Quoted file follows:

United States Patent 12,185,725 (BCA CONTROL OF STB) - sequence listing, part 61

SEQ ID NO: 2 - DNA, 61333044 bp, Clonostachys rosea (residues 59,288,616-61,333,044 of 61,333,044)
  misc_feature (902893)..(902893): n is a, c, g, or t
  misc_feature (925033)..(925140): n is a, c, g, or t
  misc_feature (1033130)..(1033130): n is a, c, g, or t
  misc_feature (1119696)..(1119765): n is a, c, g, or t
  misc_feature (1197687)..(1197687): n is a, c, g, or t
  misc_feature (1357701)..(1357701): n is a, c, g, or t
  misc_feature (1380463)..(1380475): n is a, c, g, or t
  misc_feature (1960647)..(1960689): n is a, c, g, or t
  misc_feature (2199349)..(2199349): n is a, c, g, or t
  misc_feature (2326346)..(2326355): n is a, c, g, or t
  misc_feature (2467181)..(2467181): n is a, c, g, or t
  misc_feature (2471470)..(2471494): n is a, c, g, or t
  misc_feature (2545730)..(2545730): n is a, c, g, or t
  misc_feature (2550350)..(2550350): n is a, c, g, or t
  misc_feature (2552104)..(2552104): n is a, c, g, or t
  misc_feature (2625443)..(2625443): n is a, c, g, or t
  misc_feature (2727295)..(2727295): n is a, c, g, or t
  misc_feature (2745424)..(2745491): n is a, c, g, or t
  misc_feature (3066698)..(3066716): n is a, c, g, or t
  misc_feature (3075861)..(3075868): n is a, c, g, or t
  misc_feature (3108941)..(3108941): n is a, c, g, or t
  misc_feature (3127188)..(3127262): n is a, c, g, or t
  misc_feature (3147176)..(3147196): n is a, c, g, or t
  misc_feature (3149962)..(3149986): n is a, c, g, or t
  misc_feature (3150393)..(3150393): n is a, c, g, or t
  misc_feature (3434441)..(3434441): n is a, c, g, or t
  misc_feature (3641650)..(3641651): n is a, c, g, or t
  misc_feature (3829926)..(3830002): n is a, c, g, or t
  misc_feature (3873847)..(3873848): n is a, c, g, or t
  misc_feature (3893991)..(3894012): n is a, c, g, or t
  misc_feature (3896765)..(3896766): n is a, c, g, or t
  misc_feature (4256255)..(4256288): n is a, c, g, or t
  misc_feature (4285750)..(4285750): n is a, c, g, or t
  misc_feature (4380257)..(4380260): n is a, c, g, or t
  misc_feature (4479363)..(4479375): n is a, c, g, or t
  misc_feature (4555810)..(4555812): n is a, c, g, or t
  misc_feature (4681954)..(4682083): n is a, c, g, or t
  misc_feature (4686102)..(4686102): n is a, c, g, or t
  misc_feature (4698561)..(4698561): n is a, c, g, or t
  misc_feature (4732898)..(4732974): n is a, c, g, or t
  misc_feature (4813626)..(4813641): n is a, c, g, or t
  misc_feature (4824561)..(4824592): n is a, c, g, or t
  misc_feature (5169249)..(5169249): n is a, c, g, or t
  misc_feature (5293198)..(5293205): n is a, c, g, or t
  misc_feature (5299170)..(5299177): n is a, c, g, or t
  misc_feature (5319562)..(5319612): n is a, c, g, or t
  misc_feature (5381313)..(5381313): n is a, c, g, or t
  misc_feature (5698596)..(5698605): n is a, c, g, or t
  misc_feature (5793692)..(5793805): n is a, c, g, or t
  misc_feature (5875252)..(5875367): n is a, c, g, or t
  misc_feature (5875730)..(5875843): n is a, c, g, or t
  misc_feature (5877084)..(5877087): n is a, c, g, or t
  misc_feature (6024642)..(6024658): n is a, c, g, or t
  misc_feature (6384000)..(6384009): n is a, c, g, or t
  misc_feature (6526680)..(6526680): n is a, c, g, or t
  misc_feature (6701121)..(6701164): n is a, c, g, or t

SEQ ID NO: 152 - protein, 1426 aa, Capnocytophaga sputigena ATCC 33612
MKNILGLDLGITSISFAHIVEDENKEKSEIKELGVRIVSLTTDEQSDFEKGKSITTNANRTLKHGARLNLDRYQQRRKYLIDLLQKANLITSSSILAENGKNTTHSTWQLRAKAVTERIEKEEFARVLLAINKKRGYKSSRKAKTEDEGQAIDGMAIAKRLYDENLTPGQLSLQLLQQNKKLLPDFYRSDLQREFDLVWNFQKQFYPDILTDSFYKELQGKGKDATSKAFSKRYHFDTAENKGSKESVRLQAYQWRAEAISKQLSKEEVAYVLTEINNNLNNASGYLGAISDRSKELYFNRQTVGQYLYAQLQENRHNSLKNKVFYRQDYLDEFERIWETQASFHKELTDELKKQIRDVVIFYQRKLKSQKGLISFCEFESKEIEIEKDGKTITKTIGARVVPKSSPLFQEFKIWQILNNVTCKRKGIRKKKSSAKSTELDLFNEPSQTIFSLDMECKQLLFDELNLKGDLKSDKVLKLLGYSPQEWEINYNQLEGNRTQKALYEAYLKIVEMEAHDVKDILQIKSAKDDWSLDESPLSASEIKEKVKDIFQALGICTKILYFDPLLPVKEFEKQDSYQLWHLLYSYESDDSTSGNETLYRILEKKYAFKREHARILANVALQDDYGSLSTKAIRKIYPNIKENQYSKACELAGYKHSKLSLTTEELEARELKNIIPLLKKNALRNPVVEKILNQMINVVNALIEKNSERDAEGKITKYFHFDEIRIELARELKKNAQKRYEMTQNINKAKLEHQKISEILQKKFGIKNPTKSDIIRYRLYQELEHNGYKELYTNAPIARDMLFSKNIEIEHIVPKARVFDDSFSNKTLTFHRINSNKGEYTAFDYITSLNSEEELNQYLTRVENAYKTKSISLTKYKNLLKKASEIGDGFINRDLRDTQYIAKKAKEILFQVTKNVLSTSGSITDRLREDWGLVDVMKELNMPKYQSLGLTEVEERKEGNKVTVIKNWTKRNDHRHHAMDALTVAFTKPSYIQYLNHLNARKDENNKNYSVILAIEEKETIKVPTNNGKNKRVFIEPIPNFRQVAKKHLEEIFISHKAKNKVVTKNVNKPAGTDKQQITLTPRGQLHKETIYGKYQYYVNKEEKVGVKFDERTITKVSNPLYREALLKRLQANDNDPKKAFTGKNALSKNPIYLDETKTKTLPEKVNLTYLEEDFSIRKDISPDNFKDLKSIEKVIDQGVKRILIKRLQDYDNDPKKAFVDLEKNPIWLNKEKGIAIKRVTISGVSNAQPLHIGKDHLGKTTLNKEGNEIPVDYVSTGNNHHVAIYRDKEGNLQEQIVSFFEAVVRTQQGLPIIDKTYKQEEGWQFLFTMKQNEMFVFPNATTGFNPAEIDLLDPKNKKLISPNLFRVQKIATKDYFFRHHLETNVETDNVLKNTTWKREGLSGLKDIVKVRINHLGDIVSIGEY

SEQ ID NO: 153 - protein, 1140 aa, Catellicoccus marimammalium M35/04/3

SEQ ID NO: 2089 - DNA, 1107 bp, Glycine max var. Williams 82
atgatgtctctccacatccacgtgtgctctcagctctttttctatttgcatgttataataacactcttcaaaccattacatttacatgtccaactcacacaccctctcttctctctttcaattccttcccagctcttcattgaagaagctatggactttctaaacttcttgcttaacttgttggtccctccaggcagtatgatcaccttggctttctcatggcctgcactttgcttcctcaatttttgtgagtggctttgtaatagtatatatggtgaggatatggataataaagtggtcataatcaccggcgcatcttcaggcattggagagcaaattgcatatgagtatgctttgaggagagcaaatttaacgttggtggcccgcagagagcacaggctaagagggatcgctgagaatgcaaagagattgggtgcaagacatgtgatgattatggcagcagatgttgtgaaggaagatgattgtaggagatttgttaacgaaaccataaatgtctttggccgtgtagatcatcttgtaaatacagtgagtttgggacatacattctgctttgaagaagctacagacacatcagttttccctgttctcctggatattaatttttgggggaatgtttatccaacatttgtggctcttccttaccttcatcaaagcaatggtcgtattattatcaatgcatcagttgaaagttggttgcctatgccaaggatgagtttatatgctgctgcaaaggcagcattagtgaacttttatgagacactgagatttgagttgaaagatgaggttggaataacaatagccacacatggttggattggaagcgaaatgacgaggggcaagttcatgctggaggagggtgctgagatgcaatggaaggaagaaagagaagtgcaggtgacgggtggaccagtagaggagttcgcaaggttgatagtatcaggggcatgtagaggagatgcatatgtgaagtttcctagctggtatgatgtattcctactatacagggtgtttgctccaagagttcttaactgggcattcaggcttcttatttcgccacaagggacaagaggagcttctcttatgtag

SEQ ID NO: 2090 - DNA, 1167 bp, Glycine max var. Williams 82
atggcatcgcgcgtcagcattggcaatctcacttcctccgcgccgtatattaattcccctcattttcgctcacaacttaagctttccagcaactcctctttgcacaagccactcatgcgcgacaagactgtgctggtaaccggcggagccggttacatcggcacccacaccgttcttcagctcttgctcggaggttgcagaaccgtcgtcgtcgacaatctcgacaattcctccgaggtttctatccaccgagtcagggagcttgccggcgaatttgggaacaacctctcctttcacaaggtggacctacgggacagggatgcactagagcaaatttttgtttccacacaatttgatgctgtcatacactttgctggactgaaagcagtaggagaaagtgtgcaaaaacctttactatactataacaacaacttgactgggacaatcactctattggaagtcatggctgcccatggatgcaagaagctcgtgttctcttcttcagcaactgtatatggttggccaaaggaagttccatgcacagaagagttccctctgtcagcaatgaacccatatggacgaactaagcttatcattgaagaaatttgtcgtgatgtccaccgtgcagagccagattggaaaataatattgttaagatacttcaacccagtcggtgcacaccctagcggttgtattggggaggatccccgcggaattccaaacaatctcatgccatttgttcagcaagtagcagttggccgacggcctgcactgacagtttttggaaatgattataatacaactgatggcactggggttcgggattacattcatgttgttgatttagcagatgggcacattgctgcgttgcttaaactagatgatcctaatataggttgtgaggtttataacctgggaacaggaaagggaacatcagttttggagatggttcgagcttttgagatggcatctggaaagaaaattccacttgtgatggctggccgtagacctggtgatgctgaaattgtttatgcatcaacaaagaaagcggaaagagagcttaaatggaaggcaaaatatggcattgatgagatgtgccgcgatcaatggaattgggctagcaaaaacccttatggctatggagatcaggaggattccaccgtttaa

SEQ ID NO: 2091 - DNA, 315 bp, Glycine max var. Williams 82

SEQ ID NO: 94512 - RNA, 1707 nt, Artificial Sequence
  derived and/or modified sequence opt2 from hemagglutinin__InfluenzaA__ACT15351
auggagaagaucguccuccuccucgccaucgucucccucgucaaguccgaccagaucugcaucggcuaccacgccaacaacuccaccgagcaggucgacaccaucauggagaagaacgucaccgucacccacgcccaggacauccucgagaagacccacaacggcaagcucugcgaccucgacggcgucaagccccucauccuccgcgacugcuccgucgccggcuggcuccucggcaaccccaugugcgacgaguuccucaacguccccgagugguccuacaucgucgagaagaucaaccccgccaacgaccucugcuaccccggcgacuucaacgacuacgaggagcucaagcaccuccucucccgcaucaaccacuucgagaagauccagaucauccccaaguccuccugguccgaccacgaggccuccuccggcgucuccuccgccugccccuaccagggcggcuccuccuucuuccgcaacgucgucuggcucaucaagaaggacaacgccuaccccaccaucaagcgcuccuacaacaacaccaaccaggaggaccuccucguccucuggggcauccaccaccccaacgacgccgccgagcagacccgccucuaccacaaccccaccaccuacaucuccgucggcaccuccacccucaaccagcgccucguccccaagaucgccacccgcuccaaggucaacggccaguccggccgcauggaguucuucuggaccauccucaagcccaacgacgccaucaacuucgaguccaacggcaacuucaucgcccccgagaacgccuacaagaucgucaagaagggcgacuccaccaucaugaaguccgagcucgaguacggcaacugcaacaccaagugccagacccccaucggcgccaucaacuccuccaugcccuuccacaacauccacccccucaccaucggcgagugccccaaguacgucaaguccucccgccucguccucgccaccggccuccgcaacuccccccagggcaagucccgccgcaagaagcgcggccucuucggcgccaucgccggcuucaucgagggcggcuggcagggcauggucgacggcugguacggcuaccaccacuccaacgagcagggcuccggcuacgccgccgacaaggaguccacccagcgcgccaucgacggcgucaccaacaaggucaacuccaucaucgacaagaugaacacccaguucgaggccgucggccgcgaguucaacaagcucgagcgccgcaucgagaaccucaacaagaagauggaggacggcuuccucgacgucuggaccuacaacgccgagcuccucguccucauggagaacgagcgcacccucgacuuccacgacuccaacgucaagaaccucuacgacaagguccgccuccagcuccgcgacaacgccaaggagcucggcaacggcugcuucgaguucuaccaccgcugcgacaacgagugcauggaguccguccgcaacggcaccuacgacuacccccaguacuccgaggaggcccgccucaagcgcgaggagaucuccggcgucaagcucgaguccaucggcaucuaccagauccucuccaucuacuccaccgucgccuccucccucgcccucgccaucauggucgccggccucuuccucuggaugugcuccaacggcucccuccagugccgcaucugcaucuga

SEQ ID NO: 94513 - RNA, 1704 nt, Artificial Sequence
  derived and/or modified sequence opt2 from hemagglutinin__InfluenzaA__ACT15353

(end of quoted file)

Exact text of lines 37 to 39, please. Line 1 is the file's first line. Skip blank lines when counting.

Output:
  misc_feature (4479363)..(4479375): n is a, c, g, or t
  misc_feature (4555810)..(4555812): n is a, c, g, or t
  misc_feature (4681954)..(4682083): n is a, c, g, or t